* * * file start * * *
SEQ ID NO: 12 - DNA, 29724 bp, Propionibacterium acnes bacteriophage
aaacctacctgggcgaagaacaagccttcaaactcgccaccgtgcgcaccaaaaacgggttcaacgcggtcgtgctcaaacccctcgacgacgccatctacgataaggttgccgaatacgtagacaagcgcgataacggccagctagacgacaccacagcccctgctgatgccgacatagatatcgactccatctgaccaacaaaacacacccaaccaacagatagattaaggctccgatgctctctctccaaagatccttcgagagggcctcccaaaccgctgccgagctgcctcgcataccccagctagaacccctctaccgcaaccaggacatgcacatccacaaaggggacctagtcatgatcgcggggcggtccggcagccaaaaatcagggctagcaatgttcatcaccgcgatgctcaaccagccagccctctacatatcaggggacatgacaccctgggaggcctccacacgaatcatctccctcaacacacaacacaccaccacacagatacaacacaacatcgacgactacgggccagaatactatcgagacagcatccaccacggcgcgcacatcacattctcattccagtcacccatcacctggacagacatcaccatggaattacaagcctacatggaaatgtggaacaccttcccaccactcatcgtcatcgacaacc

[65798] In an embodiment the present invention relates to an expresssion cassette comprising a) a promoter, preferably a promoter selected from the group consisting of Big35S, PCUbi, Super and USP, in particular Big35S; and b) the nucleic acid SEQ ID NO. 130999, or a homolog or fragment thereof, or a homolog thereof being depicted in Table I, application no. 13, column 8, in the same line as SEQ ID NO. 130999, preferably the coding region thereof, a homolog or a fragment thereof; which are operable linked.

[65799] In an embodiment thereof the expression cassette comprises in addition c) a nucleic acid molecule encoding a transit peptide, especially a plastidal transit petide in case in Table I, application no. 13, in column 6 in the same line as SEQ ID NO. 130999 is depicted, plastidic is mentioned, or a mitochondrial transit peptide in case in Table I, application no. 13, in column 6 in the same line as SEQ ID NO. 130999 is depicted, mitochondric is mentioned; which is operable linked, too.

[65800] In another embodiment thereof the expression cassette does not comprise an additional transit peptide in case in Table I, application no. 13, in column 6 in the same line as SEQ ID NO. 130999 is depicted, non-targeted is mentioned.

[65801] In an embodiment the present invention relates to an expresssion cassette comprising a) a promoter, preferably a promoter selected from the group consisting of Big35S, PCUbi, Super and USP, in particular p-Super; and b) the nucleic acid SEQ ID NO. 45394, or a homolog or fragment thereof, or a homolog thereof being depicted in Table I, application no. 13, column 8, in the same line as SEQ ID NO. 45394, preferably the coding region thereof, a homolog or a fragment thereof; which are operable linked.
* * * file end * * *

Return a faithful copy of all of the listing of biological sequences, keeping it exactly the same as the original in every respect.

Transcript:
SEQ ID NO: 12 - DNA, 29724 bp, Propionibacterium acnes bacteriophage
aaacctacctgggcgaagaacaagccttcaaactcgccaccgtgcgcaccaaaaacgggttcaacgcggtcgtgctcaaacccctcgacgacgccatctacgataaggttgccgaatacgtagacaagcgcgataacggccagctagacgacaccacagcccctgctgatgccgacatagatatcgactccatctgaccaacaaaacacacccaaccaacagatagattaaggctccgatgctctctctccaaagatccttcgagagggcctcccaaaccgctgccgagctgcctcgcataccccagctagaacccctctaccgcaaccaggacatgcacatccacaaaggggacctagtcatgatcgcggggcggtccggcagccaaaaatcagggctagcaatgttcatcaccgcgatgctcaaccagccagccctctacatatcaggggacatgacaccctgggaggcctccacacgaatcatctccctcaacacacaacacaccaccacacagatacaacacaacatcgacgactacgggccagaatactatcgagacagcatccaccacggcgcgcacatcacattctcattccagtcacccatcacctggacagacatcaccatggaattacaagcctacatggaaatgtggaacaccttcccaccactcatcgtcatcgacaacc

[65798] In an embodiment the present invention relates to an expresssion cassette comprising a) a promoter, preferably a promoter selected from the group consisting of Big35S, PCUbi, Super and USP, in particular Big35S; and b) the nucleic acid SEQ ID NO. 130999, or a homolog or fragment thereof, or a homolog thereof being depicted in Table I, application no. 13, column 8, in the same line as SEQ ID NO. 130999, preferably the coding region thereof, a homolog or a fragment thereof; which are operable linked.

[65799] In an embodiment thereof the expression cassette comprises in addition c) a nucleic acid molecule encoding a transit peptide, especially a plastidal transit petide in case in Table I, application no. 13, in column 6 in the same line as SEQ ID NO. 130999 is depicted, plastidic is mentioned, or a mitochondrial transit peptide in case in Table I, application no. 13, in column 6 in the same line as SEQ ID NO. 130999 is depicted, mitochondric is mentioned; which is operable linked, too.

[65800] In another embodiment thereof the expression cassette does not comprise an additional transit peptide in case in Table I, application no. 13, in column 6 in the same line as SEQ ID NO. 130999 is depicted, non-targeted is mentioned.

[65801] In an embodiment the present invention relates to an expresssion cassette comprising a) a promoter, preferably a promoter selected from the group consisting of Big35S, PCUbi, Super and USP, in particular p-Super; and b) the nucleic acid SEQ ID NO. 45394, or a homolog or fragment thereof, or a homolog thereof being depicted in Table I, application no. 13, column 8, in the same line as SEQ ID NO. 45394, preferably the coding region thereof, a homolog or a fragment thereof; which are operable linked.